Air quality in Noida and Ghaziabad from Sept 15-Oct 15 worse than last year’s
Ghaziabad/Noida: Even as the different agencies have started with pollution abatement measures ahead of the winter season, the figures of past one month from September 15 to October 15 indicate that the three cities of Ghaziabad, Greater Noida and Noida have remained at a higher average air quality index (AQI) of 194, 192 and 175, respectively, as compared to the average figures for the corresponding period last year.
According to the data from the Central Pollution Control Board (CPCB), from September 15 to October 15 last year, the average AQI for Ghaziabad, Greater Noida and Noida stood much lower at 133, 141 and 129, respectively. The officials attribute the rise in air pollution ahead of winter this year to the meteorological conditions and early withdrawal of monsoon.
“The average AQI range is higher this year due to early withdrawal of monsoon which came into effect around September 25. The last rainfall activity in the region this year was on September 8. So, there has been lesser dispersal of pollutants this year due to no rain in major part of September. Last year, the monsoon withdrawal was on October 10 with October 4 being the last day that saw 47mm of rainfall,” said Kuldeep Srivastava, head of India Meteorological Department’s Regional Weather Forecasting Centre, New Delhi.
“Further, early withdrawal of monsoon this year has also led to early start of stubble burning which has also affected air quality around the start of September. Moreover, the wind speed last year was more in October as compared to 10-12kmph at present. In another 2-3 days, we will have easterly winds coming in but they will have lesser speed. So, chances of accumulation of pollutants are more,” he added.
According to official statistics of the Consortium for Research on Agroecosystem Monitoring and Modelling from Space (CREAMS) Laboratory – a division of agricultural physics, Indian Agricultural Research Institute, New Delhi, there have been 7,640 instances of stubble burning in three states of Punjab, Haryana and Uttar Pradesh during the period from October 1 to October 18.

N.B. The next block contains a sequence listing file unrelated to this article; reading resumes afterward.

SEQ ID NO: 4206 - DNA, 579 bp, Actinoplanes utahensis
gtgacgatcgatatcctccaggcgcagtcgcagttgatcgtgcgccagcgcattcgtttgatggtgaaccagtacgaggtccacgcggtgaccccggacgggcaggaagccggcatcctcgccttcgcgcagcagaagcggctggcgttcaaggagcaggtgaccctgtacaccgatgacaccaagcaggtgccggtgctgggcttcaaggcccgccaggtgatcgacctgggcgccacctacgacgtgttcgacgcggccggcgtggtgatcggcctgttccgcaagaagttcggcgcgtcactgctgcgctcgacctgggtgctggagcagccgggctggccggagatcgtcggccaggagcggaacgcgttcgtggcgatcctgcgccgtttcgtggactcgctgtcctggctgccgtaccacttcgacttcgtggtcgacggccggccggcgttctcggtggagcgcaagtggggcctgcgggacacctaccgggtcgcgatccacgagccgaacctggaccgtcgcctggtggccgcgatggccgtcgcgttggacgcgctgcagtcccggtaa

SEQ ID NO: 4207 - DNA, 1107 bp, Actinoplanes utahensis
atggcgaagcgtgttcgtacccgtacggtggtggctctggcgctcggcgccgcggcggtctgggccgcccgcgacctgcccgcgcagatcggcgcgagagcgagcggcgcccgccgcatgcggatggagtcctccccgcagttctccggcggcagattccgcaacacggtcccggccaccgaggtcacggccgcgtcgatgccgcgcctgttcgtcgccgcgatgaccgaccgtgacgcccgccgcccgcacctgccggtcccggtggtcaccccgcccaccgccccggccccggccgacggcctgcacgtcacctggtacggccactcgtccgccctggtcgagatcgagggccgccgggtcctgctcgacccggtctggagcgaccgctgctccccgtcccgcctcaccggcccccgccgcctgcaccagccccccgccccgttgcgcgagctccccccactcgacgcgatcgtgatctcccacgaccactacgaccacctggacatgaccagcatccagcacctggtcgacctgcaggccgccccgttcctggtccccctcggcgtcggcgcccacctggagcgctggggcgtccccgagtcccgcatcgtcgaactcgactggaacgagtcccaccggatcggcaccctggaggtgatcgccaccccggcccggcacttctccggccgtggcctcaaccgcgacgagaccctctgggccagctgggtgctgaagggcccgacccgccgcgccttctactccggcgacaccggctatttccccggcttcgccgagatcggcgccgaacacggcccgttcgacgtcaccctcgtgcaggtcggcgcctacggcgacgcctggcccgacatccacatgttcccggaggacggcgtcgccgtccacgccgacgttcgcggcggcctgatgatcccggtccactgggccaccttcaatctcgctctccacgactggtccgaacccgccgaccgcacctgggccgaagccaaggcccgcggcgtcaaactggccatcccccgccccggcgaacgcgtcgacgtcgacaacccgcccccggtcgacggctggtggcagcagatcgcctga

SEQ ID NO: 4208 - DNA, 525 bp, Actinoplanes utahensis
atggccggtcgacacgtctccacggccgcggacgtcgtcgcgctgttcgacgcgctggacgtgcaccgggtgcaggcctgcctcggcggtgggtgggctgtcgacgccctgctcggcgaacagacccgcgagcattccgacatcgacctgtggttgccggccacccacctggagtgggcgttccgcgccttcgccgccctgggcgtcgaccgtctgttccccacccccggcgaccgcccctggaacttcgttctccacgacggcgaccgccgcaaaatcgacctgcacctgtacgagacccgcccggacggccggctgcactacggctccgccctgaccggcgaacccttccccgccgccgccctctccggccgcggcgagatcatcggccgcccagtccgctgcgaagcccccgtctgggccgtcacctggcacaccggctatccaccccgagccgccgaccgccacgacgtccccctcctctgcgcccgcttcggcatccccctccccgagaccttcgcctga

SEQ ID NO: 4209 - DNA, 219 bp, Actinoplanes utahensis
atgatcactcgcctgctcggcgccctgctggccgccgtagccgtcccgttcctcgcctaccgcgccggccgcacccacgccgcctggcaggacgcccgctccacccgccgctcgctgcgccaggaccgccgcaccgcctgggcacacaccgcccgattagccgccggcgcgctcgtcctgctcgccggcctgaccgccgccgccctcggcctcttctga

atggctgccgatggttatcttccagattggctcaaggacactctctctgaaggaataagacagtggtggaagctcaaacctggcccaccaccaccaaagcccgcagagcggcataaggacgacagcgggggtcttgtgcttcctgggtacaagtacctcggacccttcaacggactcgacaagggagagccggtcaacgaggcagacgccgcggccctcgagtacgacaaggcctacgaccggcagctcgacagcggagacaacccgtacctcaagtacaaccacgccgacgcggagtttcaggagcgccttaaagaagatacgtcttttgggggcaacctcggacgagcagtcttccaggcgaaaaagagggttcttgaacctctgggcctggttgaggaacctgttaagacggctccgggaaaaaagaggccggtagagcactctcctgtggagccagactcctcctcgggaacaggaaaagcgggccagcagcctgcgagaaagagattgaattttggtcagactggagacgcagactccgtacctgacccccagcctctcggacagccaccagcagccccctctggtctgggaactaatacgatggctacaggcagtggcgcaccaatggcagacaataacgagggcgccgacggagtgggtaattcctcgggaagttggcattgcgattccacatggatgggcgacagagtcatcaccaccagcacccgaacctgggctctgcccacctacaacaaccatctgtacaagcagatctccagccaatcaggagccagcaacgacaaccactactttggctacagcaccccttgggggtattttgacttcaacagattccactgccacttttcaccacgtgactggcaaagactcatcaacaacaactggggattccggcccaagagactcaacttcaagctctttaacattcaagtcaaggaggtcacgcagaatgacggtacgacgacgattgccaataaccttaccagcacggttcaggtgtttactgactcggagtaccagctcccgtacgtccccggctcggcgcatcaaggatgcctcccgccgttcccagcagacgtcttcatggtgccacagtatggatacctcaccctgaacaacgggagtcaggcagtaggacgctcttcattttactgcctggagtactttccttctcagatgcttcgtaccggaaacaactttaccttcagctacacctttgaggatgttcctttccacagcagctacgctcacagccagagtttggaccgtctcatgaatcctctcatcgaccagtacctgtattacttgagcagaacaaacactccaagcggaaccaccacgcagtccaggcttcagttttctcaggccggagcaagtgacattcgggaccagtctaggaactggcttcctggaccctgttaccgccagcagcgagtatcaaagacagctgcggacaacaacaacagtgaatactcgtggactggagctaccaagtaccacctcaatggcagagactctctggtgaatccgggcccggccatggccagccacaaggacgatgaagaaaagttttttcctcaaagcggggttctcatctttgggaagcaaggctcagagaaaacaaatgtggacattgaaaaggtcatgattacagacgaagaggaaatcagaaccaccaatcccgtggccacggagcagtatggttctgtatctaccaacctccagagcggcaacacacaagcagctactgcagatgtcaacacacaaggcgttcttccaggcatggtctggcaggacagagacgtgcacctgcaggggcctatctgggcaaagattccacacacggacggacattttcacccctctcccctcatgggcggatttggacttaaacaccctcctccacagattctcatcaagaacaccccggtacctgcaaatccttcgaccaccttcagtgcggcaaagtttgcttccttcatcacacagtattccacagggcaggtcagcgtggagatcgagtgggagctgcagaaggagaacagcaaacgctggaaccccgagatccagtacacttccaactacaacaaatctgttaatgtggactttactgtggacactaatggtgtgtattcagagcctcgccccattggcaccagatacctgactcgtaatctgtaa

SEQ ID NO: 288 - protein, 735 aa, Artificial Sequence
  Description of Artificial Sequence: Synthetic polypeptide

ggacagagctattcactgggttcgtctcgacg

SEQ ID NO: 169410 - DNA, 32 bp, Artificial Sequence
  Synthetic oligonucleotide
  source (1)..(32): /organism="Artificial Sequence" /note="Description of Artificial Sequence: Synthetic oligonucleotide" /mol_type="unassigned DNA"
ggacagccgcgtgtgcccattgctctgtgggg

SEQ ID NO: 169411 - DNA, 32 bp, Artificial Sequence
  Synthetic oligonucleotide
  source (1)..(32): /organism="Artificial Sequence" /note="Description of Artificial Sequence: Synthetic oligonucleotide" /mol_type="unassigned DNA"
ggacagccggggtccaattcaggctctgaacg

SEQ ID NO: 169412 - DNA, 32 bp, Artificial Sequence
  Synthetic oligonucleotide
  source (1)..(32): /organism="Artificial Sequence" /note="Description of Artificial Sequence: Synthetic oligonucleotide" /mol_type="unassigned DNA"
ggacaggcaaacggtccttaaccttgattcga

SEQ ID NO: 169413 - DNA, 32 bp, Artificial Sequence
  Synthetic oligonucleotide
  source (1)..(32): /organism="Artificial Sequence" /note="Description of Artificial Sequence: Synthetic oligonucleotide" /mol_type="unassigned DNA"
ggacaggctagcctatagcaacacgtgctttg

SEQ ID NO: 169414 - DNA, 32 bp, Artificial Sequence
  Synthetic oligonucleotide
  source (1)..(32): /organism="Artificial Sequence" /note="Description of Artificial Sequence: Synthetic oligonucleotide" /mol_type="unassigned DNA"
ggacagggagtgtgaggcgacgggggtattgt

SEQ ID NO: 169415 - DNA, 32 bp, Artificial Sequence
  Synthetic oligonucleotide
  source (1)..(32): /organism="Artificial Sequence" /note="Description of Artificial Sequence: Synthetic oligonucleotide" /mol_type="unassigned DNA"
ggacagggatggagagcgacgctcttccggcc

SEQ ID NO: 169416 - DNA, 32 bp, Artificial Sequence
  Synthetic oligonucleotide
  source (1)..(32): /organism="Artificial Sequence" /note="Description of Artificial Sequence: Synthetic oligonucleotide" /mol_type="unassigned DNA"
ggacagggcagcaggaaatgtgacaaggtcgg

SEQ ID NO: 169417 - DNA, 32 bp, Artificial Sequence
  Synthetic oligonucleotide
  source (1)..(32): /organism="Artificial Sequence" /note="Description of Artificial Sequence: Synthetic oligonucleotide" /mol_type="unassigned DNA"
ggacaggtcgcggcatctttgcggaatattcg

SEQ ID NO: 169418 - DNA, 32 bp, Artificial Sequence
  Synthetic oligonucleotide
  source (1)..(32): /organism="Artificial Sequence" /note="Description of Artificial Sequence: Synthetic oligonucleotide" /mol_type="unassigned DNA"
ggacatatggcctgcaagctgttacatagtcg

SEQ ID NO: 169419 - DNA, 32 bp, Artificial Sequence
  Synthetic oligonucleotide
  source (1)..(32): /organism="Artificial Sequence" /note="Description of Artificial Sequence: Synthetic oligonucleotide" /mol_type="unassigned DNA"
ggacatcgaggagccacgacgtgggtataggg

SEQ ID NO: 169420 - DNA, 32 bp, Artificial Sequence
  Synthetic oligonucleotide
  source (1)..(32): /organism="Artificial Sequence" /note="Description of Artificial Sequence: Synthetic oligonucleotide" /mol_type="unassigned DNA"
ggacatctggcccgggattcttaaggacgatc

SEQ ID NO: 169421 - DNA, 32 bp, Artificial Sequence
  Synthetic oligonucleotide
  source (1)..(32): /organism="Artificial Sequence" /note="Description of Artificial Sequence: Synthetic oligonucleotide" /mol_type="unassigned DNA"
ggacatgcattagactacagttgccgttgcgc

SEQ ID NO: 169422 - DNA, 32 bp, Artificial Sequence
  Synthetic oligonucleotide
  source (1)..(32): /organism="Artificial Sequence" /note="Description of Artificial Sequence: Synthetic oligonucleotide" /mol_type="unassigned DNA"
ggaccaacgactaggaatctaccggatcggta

During the same period in 2019 and 2018, the three states registered 3,727 and 4,033 instances of stubble burning, respectively, according to CREAMS’ records.
The UP Pollution Control Board (UPPCB) officials from Noida said that the various government agencies are working aggressively to control pollution. “The higher side of AQI witnessed this year is primarily resultant of meteorological conditions. Locally, we do not have major source, except increase in number of vehicles. The work for the Delhi-Meerut Expressway is towards the finish and it is also not contributing majorly to the pollution,” said Praveen Kumar, regional officer of UPPCB at Noida.
The UPPCB officials from Ghaziabad said that the higher ranges of AQI have resulted due to lesser rainfall in September and October. “Last year, there was rainfall activity in months of September and October which led to lowering of pollutants. This year, we have taken up more stringent steps like installation of cameras at construction sites and even asked polluting units to install cameras which will be under control of UPPCB. Apart from this, regular action is being taken against illegally run factories. Different agencies are also taking up pollution abatement measures,” said Utsav Sharma, regional officer of UPPCB, Ghaziabad.
The UPPCB officials also said that due to the early start of stubble burning this season, they are expecting that concentrated burning on fewer days will rather be spread in form of distributed burning over a longer period of time and will result in lesser deterioration of air quality.
Akash Vashishtha, a Ghaziabad-based environmentalist, said, “It will be wrong to squarely blame stubble burning for pollution. If the officials expect that stubble burning this year will be spread over a longer period of time and will result in lesser pollution, they must also keep in check the local pollutants which also have a high share in air pollution.”
Echoing similar views, Colonel (retired) TP Tyagi, president of flat owners’ association, said, “It would not be correct to state that deterioration in air quality is due to stubble burning which has been a practice prevalent for decades. The vehicle base in NCR has increased tremendously, along with construction activities and instances of burning of solid waste and garbage. Local pollutants also share a major contribution.”